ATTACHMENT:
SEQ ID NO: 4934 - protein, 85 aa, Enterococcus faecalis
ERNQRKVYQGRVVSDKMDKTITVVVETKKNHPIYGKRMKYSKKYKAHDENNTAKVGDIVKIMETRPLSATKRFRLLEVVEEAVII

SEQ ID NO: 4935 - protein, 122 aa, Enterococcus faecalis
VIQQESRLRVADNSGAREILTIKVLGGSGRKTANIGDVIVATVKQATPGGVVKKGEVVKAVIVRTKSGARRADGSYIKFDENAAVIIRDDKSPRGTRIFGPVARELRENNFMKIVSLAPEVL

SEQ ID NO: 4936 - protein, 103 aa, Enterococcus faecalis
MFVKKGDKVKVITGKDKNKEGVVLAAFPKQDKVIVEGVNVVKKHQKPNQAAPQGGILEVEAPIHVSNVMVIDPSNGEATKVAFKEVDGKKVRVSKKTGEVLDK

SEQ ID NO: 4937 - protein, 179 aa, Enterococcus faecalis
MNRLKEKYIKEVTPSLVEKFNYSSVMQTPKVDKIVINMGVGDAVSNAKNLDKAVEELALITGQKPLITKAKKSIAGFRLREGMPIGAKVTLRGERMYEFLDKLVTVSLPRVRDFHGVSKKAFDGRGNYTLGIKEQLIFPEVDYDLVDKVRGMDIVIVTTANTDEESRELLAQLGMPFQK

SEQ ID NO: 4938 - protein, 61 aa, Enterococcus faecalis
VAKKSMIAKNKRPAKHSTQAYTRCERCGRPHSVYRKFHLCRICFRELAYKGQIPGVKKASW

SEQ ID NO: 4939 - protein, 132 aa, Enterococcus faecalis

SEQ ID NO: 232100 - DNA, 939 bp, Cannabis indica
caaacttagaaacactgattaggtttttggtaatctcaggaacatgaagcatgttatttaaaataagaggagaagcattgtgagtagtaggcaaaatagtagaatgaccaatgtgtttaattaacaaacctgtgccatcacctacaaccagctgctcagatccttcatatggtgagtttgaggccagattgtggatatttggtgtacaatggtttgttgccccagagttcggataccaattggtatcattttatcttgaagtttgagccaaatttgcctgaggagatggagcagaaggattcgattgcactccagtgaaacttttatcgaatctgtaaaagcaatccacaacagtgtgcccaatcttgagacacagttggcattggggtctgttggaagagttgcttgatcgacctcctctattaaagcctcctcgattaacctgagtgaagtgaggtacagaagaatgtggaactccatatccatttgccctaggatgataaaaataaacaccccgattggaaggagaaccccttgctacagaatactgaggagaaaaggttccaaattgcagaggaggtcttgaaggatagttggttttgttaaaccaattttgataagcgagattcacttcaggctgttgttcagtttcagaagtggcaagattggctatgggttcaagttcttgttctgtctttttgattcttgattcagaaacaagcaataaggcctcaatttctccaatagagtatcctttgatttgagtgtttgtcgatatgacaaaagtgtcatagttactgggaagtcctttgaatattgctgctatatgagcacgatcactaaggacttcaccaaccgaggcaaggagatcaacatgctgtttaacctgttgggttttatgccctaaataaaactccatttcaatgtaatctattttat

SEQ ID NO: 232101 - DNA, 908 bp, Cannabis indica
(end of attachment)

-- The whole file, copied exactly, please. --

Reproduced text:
SEQ ID NO: 4934 - protein, 85 aa, Enterococcus faecalis
ERNQRKVYQGRVVSDKMDKTITVVVETKKNHPIYGKRMKYSKKYKAHDENNTAKVGDIVKIMETRPLSATKRFRLLEVVEEAVII

SEQ ID NO: 4935 - protein, 122 aa, Enterococcus faecalis
VIQQESRLRVADNSGAREILTIKVLGGSGRKTANIGDVIVATVKQATPGGVVKKGEVVKAVIVRTKSGARRADGSYIKFDENAAVIIRDDKSPRGTRIFGPVARELRENNFMKIVSLAPEVL

SEQ ID NO: 4936 - protein, 103 aa, Enterococcus faecalis
MFVKKGDKVKVITGKDKNKEGVVLAAFPKQDKVIVEGVNVVKKHQKPNQAAPQGGILEVEAPIHVSNVMVIDPSNGEATKVAFKEVDGKKVRVSKKTGEVLDK

SEQ ID NO: 4937 - protein, 179 aa, Enterococcus faecalis
MNRLKEKYIKEVTPSLVEKFNYSSVMQTPKVDKIVINMGVGDAVSNAKNLDKAVEELALITGQKPLITKAKKSIAGFRLREGMPIGAKVTLRGERMYEFLDKLVTVSLPRVRDFHGVSKKAFDGRGNYTLGIKEQLIFPEVDYDLVDKVRGMDIVIVTTANTDEESRELLAQLGMPFQK

SEQ ID NO: 4938 - protein, 61 aa, Enterococcus faecalis
VAKKSMIAKNKRPAKHSTQAYTRCERCGRPHSVYRKFHLCRICFRELAYKGQIPGVKKASW

SEQ ID NO: 4939 - protein, 132 aa, Enterococcus faecalis

SEQ ID NO: 232100 - DNA, 939 bp, Cannabis indica
caaacttagaaacactgattaggtttttggtaatctcaggaacatgaagcatgttatttaaaataagaggagaagcattgtgagtagtaggcaaaatagtagaatgaccaatgtgtttaattaacaaacctgtgccatcacctacaaccagctgctcagatccttcatatggtgagtttgaggccagattgtggatatttggtgtacaatggtttgttgccccagagttcggataccaattggtatcattttatcttgaagtttgagccaaatttgcctgaggagatggagcagaaggattcgattgcactccagtgaaacttttatcgaatctgtaaaagcaatccacaacagtgtgcccaatcttgagacacagttggcattggggtctgttggaagagttgcttgatcgacctcctctattaaagcctcctcgattaacctgagtgaagtgaggtacagaagaatgtggaactccatatccatttgccctaggatgataaaaataaacaccccgattggaaggagaaccccttgctacagaatactgaggagaaaaggttccaaattgcagaggaggtcttgaaggatagttggttttgttaaaccaattttgataagcgagattcacttcaggctgttgttcagtttcagaagtggcaagattggctatgggttcaagttcttgttctgtctttttgattcttgattcagaaacaagcaataaggcctcaatttctccaatagagtatcctttgatttgagtgtttgtcgatatgacaaaagtgtcatagttactgggaagtcctttgaatattgctgctatatgagcacgatcactaaggacttcaccaaccgaggcaaggagatcaacatgctgtttaacctgttgggttttatgccctaaataaaactccatttcaatgtaatctattttat

SEQ ID NO: 232101 - DNA, 908 bp, Cannabis indica